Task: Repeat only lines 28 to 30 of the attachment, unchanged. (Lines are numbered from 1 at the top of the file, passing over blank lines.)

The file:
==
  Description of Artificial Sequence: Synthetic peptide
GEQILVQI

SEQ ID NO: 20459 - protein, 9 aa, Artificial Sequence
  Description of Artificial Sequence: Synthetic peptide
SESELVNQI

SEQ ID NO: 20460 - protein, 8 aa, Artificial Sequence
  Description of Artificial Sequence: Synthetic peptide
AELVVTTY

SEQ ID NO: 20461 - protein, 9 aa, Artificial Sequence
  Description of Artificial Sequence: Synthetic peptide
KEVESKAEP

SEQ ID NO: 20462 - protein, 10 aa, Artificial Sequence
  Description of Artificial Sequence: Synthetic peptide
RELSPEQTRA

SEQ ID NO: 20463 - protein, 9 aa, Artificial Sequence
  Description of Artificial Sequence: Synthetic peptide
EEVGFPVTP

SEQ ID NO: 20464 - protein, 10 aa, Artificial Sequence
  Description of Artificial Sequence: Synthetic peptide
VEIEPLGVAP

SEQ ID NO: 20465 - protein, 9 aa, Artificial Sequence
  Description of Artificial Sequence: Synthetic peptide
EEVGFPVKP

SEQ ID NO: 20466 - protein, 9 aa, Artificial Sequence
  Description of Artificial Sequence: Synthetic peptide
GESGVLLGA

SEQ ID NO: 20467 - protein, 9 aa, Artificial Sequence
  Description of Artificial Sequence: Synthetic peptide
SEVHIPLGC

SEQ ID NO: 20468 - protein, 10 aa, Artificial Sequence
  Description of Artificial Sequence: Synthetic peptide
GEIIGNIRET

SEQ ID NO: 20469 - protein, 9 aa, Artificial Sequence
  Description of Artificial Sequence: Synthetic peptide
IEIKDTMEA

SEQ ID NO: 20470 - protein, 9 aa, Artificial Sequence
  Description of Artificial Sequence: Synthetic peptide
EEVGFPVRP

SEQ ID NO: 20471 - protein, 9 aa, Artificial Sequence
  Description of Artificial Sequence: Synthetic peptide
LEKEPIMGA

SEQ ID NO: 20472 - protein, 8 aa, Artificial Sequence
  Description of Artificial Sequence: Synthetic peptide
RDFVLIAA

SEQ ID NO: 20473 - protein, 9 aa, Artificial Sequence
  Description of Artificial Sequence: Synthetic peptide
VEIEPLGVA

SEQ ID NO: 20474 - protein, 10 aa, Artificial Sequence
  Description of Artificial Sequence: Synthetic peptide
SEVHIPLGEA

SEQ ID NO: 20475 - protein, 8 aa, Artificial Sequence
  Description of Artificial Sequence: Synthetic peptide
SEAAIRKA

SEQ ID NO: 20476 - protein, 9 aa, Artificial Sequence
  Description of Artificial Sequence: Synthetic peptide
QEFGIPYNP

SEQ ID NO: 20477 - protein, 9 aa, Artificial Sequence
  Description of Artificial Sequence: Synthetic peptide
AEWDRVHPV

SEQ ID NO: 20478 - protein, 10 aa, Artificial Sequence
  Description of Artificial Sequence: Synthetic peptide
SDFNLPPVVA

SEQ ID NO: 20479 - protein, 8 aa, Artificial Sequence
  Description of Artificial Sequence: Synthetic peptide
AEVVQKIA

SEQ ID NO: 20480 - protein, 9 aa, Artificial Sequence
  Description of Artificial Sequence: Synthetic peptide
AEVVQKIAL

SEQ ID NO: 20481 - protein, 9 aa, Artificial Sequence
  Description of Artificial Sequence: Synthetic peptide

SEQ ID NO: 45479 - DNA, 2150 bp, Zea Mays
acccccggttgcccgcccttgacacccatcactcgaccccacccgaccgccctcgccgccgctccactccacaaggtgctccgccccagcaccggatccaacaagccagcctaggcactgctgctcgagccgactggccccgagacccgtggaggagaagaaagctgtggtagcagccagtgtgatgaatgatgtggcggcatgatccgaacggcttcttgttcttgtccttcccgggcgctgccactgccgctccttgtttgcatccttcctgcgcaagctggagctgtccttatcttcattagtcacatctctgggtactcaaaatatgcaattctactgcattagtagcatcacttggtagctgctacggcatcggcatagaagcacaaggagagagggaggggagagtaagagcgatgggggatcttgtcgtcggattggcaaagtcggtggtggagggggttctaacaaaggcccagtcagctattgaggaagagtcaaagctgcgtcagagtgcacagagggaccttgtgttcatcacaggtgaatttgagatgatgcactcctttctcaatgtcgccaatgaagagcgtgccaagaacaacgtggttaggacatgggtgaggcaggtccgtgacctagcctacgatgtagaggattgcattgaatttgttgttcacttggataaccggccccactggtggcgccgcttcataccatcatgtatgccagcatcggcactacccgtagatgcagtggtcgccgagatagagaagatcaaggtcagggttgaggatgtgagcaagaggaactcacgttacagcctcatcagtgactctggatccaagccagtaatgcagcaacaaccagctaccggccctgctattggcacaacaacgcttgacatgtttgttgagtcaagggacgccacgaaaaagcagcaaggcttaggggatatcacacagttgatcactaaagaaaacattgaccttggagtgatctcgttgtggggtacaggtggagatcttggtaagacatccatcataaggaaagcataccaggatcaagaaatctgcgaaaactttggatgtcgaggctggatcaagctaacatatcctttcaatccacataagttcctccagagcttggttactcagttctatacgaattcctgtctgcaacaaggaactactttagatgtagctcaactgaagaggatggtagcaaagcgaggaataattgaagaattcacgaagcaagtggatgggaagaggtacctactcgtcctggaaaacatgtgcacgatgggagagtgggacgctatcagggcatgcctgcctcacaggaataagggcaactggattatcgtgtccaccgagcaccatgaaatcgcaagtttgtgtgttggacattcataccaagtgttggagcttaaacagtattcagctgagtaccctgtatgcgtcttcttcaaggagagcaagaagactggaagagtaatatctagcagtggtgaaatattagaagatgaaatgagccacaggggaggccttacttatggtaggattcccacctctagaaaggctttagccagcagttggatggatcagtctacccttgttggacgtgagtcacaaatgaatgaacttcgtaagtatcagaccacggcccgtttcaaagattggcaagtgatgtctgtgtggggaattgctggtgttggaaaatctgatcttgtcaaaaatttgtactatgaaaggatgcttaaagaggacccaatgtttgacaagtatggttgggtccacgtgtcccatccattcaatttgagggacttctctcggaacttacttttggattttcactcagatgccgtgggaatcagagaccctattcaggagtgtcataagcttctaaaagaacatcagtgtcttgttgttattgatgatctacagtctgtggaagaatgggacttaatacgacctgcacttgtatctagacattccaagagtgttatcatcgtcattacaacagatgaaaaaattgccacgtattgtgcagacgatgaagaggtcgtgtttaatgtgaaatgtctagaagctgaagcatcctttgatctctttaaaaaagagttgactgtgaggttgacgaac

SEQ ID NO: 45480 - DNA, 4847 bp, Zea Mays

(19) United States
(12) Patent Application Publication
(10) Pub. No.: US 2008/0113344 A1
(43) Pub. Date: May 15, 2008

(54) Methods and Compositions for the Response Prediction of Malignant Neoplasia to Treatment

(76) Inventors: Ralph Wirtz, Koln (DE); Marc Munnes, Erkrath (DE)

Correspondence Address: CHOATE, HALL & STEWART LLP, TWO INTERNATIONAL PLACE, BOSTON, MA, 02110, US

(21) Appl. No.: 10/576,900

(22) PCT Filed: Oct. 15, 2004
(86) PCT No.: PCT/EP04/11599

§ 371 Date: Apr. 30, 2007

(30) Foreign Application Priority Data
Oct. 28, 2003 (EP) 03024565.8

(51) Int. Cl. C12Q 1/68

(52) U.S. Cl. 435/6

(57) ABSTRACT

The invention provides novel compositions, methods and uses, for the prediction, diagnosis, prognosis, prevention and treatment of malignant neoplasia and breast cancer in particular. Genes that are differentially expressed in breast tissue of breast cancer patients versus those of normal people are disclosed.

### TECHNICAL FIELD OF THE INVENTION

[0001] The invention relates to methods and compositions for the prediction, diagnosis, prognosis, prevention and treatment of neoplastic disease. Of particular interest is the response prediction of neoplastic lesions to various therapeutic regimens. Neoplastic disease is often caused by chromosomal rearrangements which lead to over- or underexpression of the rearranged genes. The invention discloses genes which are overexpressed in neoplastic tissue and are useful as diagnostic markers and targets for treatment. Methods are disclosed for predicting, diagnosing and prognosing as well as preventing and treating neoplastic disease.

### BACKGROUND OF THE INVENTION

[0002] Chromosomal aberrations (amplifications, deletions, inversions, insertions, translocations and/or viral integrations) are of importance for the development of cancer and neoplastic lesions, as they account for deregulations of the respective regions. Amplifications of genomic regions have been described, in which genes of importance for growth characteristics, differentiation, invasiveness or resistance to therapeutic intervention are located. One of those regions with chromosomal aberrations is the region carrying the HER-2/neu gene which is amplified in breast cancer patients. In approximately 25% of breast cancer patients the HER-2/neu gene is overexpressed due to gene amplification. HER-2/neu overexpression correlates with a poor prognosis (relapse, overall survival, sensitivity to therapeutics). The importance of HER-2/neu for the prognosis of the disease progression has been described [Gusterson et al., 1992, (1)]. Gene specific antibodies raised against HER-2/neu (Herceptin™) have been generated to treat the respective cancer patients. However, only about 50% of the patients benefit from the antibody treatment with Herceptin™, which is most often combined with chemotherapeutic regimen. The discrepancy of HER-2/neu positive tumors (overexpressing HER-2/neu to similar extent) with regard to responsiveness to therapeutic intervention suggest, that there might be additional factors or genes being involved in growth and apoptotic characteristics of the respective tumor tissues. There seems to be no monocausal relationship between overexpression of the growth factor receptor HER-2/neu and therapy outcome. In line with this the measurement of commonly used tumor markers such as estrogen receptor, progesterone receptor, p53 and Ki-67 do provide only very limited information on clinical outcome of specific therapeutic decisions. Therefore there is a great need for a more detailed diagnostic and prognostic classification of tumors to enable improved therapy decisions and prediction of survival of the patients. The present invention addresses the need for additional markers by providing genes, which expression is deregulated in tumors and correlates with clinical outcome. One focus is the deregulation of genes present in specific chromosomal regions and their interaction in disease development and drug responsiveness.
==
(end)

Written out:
  Description of Artificial Sequence: Synthetic peptide
SEVHIPLGC

SEQ ID NO: 20468 - protein, 10 aa, Artificial Sequence